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Study supports Sherwood school district

A Sherwood School District is financially feasible and would have no demographic impact on the Pulaski County Special School District, supporters of the proposed district has announced.

The Sherwood Public Education Foundation announced recently the results of the feasibility study commissioned from independent consultant Norman Hill at a news conference in the Bill Harmon Recreation Center. With the study in hand, the Foundation will begin planning its next steps in the process of forming a Sherwood School District.

“We want to assure the citizens of Sherwood that our efforts to establish a Sherwood School District continue,” said Foundation co-chairman Beverly Williams. “We understand that we must wait until the Pulaski County School District is declared unitary before we can have our own district, but we will be ready when that day arrives.”

The feasibility study shows that the proposed Sherwood School District would be the 16th largest school district in the state with 4,649 students. Financial data was compared with similarly sized districts (Jonesboro, Russellville, Benton, El Dorado and Pine Bluff) on three indicators: Assessed value, bonded indebtedness, and total funding.

The proposed Sherwood School District would have an assessment value of $605.3 million. When compared that with similarly sized districts, the proposed Sherwood School District ranks second, behind Russellville, which includes the Nuclear One power plant.)

Currently, the Pulaski County Special School District has an assessment value of $2.5 billion. Its per student assessment value is $148,039. If the proposed Sherwood School District detached, the per-student assessment value for Pulaski County Special School District would actually increase to $154,719 per student.

Because the assessment value of the proposed Sherwood School District is 23.97 percent of the assessed value for Pulaski County Special School District, the study assumes that the proposed district would assume the same proportion of debt.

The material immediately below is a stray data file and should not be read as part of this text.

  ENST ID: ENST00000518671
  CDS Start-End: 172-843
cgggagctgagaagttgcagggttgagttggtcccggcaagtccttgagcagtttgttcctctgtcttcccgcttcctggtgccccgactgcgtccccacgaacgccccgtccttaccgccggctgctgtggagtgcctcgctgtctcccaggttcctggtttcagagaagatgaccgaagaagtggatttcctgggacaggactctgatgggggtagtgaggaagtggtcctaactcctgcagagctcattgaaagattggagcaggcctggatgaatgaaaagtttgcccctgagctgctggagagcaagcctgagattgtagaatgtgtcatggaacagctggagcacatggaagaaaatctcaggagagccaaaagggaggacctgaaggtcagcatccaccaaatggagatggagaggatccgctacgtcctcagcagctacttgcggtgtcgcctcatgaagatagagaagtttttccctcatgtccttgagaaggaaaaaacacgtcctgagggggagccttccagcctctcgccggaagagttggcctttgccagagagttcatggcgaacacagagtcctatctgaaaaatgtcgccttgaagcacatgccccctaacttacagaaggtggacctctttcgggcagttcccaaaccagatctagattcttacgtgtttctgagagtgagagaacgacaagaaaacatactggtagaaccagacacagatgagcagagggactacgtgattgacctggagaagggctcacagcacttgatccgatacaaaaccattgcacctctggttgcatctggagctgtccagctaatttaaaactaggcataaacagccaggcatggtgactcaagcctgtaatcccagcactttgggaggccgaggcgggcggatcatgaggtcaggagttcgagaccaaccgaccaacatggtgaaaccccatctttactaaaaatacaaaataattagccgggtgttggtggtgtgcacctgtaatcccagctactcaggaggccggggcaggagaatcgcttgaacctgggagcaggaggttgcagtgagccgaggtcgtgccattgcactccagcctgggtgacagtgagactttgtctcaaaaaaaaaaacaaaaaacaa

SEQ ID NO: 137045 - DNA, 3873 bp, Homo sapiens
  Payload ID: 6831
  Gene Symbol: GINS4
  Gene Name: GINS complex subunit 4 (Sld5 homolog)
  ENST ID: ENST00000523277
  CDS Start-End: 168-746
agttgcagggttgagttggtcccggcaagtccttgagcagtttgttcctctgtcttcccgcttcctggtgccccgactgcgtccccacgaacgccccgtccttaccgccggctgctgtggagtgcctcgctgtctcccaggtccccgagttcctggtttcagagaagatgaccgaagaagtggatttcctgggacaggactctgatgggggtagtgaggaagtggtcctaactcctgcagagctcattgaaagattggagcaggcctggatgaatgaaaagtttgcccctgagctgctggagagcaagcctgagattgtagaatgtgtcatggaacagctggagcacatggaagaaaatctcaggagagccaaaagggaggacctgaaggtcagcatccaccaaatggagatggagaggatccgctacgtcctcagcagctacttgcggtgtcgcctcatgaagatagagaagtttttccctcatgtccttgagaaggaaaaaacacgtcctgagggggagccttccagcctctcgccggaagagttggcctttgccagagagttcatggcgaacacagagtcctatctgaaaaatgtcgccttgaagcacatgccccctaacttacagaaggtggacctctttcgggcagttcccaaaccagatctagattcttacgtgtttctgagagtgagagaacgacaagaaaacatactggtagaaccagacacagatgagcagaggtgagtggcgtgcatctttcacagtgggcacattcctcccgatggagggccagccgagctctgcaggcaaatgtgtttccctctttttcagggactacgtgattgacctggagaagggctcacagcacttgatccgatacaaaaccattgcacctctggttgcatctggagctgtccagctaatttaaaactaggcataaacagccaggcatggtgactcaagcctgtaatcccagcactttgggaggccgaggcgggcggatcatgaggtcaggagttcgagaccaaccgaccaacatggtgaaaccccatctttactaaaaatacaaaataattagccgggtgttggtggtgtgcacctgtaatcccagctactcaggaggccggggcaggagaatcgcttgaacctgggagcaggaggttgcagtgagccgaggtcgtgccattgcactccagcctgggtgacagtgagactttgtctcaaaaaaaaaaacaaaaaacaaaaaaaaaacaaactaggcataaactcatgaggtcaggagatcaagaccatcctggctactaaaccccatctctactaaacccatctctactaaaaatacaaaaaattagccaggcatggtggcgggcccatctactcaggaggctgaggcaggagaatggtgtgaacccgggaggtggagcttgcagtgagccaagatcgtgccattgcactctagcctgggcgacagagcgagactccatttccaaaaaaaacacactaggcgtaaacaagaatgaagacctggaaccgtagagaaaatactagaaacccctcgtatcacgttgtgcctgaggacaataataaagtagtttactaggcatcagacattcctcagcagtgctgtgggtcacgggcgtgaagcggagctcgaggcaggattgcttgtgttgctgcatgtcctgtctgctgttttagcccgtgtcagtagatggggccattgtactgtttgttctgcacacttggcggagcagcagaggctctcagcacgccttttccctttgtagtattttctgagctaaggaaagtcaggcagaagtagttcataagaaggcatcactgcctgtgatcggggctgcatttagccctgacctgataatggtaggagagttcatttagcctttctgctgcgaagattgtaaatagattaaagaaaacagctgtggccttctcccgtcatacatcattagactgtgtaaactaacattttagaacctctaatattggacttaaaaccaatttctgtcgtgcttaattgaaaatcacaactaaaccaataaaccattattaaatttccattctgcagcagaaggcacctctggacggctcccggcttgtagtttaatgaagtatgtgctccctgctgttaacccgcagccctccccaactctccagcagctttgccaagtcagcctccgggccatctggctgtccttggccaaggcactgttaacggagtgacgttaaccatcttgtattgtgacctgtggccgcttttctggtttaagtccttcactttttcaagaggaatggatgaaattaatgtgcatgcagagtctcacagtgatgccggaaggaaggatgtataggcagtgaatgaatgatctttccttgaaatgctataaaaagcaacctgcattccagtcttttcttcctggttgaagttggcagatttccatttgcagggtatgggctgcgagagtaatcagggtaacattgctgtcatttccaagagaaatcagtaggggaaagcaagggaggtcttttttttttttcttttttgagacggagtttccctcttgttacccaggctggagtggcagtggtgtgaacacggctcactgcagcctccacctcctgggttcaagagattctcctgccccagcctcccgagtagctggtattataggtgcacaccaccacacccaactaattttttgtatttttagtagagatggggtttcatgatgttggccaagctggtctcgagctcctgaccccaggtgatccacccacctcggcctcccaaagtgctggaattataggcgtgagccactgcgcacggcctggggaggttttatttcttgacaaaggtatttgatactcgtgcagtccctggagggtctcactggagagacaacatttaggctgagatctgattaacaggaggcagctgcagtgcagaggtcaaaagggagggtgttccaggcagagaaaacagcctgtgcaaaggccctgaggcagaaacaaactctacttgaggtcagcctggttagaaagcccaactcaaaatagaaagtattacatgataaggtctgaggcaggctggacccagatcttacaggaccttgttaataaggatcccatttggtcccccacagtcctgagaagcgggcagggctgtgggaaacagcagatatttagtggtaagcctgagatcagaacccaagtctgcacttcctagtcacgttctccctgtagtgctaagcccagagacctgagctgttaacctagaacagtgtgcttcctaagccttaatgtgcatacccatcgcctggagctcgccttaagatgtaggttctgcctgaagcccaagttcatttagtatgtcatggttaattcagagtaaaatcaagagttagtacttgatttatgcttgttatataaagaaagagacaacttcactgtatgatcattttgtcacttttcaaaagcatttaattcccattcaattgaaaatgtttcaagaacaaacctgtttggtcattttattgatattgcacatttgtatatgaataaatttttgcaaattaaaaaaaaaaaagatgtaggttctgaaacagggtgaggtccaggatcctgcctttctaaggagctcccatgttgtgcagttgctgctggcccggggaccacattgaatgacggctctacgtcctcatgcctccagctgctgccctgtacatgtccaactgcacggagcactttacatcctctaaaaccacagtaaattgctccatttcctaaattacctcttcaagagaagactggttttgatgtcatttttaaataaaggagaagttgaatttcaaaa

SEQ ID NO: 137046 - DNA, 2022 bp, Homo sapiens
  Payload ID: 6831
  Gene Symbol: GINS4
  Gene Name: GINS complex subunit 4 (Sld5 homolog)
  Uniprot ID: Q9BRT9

Under that assumption, the total bonded indebtedness for the proposed Sherwood School District would be $35,283,840. Both districts would have a 5.82 debt ratio, just as the current Pulaski County School District does. (Debt ratio is the total debt divided by the total assessed value.)

A comparison of foundation funding and local tax dollars for the comparison districts puts the proposed Sherwood School District right in the middle with $39 million in funding. The per-student funding picture is even better, with Sherwood ranking second with $8,396 per student.

The study also found that two of the school buildings in the proposed Sherwood School District have negative depreciation values, meaning they will need to be replaced. Those are Harris Elementary and Sherwood Elementary. While the old Sylvan Hills Middle School also has a negative depreciation value, no students attend school in the oldest sections of those buildings.

In terms of student demographics, the study showed that the proposed Sherwood School District would have no impact on the Pulaski County Special School District as it would be a virtual microcosm of the larger district:

• PCSSD is 44.5 percent white; the proposed Sherwood School District would be 45.5 percent white

• PCSSD is 43.5 percent black, the proposed Sherwood School District would be 44 percent black

• PCSSD is 6.5 percent Hispanic; Sherwood would be 6 percent Hispanic

• PCSSD enrollment has 55.5 percent of its students qualifying free or reduced-price lunch; Sherwood would have 58 percent qualifying for free or reduced-price lunch

• Both PCSSD and the proposed Sherwood School district have 12 percent enrolled in special education

“This study shows that a Sherwood School District truly can be a reality,” Foundation co-chair Linda Remele said. “We are committed to this because we believe a Sherwood School District will better meet the educational needs of our students, will operate more efficiently and effectively, will have a positive economic impact on the city of Sherwood and will be a stronger district under local control.”

The Sherwood Public Education Foundation will hold a public meeting at 6:30 p.m. on Monday, May 19, at Sylvan Hills Church of Christ. The Foundation will present the study and also answer questions community members might have.

The complete feasibility study and more information about the Sherwood Public Education Foundation’s efforts can be found on its website at www.sherwoodeducation.org. The Foundation also has a Facebook page at www.facebook.com/sherwoodeducation.

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